World War I and American Art
Type: Event / Exhibition (temporary)
Location: The Pennsylvania Academy of the Fine Arts (PAFA), Pennsylvania Academy of the Fine Arts (PAFA), 128 North Broad Street, Philadelphia, PA 19102.
Date: 11 November 2016 - 01 January 2018
World War I and American Art will be the first major exhibition devoted to exploring the ways in which American artists reacted to the First World War. Coinciding with the centenary of America’s involvement in the war, the exhibition is scheduled to run at PAFA from November 04, 2016 to April 9, 2017 before traveling to two other U.S. venues from May 2017 through January 2018. This exhibition will include approximately 115 objects dating from 1913-1938 including painting, sculpture, photography, drawings, prints, film, posters, and ephemera. It will include a broad range of artists who engaged the war and its impact in their work, from well-known figures such as John Singer Sargent and Marsden Hartley to lesser-known figures like Claggett Wilson.
The war’s impact on American art and culture was enormous. Nearly every major American artist of the time produced work that addressed the war. PAFA’s exhibition seeks to revisit this critical moment in American history through the eyes of artists in order to show how they responded to what was an unprecedented global event. Artists had a leading role in chronicling the impact of the war, crafting images that affected public opinion, supporting the U.S. government’s mobilization efforts, and helping to shape the way soldiers were remembered in its wake.
Mirroring the debates on the floor of Congress and in small towns, artists engaged in the looming question of what America’s relationship would be to a global conflict. World War I was controversial in the United States, and artists registered this climate through their work from the home front, on the battlefields, and field hospitals. Americans abroad had to strike a delicate balance between their identification with European culture and allegiances to the United States. World War I marked a shift in many artists’ careers, inspiring critical bodies of work, pointing them towards new ways of working, and in some cases forming the capstone for artists already advanced in age.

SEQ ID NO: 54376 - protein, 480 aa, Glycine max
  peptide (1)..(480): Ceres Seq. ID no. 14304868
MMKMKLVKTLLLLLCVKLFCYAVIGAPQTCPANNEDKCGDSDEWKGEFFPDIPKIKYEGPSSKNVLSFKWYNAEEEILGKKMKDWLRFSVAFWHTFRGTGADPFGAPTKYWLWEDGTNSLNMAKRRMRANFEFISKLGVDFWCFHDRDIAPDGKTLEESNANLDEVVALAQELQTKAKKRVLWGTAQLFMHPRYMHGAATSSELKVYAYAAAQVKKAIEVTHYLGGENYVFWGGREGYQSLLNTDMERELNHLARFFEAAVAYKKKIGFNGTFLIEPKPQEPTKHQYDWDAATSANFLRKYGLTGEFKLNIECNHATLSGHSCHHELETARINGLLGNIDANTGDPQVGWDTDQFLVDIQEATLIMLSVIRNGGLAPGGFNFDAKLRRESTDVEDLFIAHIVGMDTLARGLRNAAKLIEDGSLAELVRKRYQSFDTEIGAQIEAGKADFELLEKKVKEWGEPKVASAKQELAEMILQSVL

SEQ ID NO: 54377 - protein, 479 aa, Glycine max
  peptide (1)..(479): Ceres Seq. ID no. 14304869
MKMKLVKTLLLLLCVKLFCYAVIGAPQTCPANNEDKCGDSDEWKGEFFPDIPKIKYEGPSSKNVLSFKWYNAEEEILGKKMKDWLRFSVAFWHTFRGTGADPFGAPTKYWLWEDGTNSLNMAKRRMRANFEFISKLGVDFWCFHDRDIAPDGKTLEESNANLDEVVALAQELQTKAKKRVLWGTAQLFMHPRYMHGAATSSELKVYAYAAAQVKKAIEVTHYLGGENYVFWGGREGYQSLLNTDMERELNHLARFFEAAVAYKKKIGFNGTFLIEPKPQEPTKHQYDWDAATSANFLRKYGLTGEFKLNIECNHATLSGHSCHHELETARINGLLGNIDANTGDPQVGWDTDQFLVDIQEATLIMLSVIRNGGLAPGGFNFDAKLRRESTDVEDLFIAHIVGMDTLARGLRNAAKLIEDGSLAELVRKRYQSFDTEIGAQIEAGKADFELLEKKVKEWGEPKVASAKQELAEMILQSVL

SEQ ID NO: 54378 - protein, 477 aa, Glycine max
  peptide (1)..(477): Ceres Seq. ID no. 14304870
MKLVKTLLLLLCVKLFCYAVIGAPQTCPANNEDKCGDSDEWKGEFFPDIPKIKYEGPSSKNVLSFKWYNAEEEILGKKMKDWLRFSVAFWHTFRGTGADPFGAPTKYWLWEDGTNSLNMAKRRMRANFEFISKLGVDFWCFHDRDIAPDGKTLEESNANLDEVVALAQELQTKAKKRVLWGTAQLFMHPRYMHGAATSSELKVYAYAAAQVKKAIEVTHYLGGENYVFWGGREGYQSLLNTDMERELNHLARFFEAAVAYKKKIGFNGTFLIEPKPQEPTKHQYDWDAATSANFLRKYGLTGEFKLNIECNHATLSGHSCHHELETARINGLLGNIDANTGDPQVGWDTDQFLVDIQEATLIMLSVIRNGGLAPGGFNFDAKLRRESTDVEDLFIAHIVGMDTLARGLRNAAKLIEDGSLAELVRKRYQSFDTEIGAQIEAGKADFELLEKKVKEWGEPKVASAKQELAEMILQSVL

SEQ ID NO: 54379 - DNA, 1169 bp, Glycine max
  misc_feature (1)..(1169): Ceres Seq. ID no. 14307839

The exhibition is co-curated by Dr. Robert Cozzolino, PAFA’s Senior Curator and Curator of Modern Art; Dr. Anne Knutson, an independent scholar and curator; and Dr. David Lubin, the Charlotte C. Weber Professor of Art at Wake Forest University. Together they bring a broad range of viewpoints and deep knowledge to a topic that is complex and has not received the attention that is deserved.
The exhibition will be accompanied by a fully illustrated scholarly catalogue written by the project curators with additional contributors writing from new perspectives in history and the arts. PAFA is planning a broad range of programming and partnerships in conjunction with the project.
World War I and American Art is made possible in part by major grants from the National Endowment for the Humanities: Exploring the human endeavor, and from the Henry Luce Foundation. The Presenting Sponsor for this exhibition is the Exelon Foundation. Additional funding provided by grants from the David A. and Helen P. Horn Charitable Trust, and the Wyeth Foundation for American Art.
Dates and locations:
PAFA: 04 November 2016 - 09 April 2017
New York Historical Society: May – September 2017
Frist Center for the Visual Arts: October 2017 – January 2018
Suitable for Family friendly
Concessions Concessions available